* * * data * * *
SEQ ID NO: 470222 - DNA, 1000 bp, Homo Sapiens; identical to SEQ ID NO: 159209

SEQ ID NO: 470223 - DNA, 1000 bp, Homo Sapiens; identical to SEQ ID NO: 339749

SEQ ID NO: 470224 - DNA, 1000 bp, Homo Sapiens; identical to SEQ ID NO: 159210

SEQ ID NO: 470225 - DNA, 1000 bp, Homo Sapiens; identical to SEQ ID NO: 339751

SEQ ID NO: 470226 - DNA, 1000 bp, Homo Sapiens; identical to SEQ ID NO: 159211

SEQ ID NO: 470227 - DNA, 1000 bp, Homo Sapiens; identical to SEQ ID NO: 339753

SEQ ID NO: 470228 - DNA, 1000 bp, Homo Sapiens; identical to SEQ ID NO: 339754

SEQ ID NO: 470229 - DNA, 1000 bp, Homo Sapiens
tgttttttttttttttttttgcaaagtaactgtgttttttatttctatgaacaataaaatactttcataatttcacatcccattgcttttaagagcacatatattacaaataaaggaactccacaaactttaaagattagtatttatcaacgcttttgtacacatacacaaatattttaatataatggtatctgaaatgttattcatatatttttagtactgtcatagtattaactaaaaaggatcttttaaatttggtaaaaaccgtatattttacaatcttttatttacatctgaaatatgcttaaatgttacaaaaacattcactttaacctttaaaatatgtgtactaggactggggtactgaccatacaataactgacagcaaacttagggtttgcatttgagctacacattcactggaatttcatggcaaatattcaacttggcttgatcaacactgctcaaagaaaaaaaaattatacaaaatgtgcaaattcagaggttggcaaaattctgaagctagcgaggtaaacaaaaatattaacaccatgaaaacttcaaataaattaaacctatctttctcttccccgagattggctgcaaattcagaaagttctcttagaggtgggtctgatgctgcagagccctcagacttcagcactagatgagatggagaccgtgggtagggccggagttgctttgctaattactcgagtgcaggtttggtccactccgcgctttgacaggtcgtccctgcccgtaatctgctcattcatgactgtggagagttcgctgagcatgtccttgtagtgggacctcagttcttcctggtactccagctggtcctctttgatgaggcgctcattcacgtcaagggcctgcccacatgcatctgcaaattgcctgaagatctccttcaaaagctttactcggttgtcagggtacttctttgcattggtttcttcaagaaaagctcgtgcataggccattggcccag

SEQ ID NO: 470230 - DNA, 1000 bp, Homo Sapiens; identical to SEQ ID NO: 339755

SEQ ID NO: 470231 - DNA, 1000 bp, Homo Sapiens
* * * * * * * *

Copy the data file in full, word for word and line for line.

SEQ ID NO: 470222 - DNA, 1000 bp, Homo Sapiens; identical to SEQ ID NO: 159209

SEQ ID NO: 470223 - DNA, 1000 bp, Homo Sapiens; identical to SEQ ID NO: 339749

SEQ ID NO: 470224 - DNA, 1000 bp, Homo Sapiens; identical to SEQ ID NO: 159210

SEQ ID NO: 470225 - DNA, 1000 bp, Homo Sapiens; identical to SEQ ID NO: 339751

SEQ ID NO: 470226 - DNA, 1000 bp, Homo Sapiens; identical to SEQ ID NO: 159211

SEQ ID NO: 470227 - DNA, 1000 bp, Homo Sapiens; identical to SEQ ID NO: 339753

SEQ ID NO: 470228 - DNA, 1000 bp, Homo Sapiens; identical to SEQ ID NO: 339754

SEQ ID NO: 470229 - DNA, 1000 bp, Homo Sapiens
tgttttttttttttttttttgcaaagtaactgtgttttttatttctatgaacaataaaatactttcataatttcacatcccattgcttttaagagcacatatattacaaataaaggaactccacaaactttaaagattagtatttatcaacgcttttgtacacatacacaaatattttaatataatggtatctgaaatgttattcatatatttttagtactgtcatagtattaactaaaaaggatcttttaaatttggtaaaaaccgtatattttacaatcttttatttacatctgaaatatgcttaaatgttacaaaaacattcactttaacctttaaaatatgtgtactaggactggggtactgaccatacaataactgacagcaaacttagggtttgcatttgagctacacattcactggaatttcatggcaaatattcaacttggcttgatcaacactgctcaaagaaaaaaaaattatacaaaatgtgcaaattcagaggttggcaaaattctgaagctagcgaggtaaacaaaaatattaacaccatgaaaacttcaaataaattaaacctatctttctcttccccgagattggctgcaaattcagaaagttctcttagaggtgggtctgatgctgcagagccctcagacttcagcactagatgagatggagaccgtgggtagggccggagttgctttgctaattactcgagtgcaggtttggtccactccgcgctttgacaggtcgtccctgcccgtaatctgctcattcatgactgtggagagttcgctgagcatgtccttgtagtgggacctcagttcttcctggtactccagctggtcctctttgatgaggcgctcattcacgtcaagggcctgcccacatgcatctgcaaattgcctgaagatctccttcaaaagctttactcggttgtcagggtacttctttgcattggtttcttcaagaaaagctcgtgcataggccattggcccag

SEQ ID NO: 470230 - DNA, 1000 bp, Homo Sapiens; identical to SEQ ID NO: 339755

SEQ ID NO: 470231 - DNA, 1000 bp, Homo Sapiens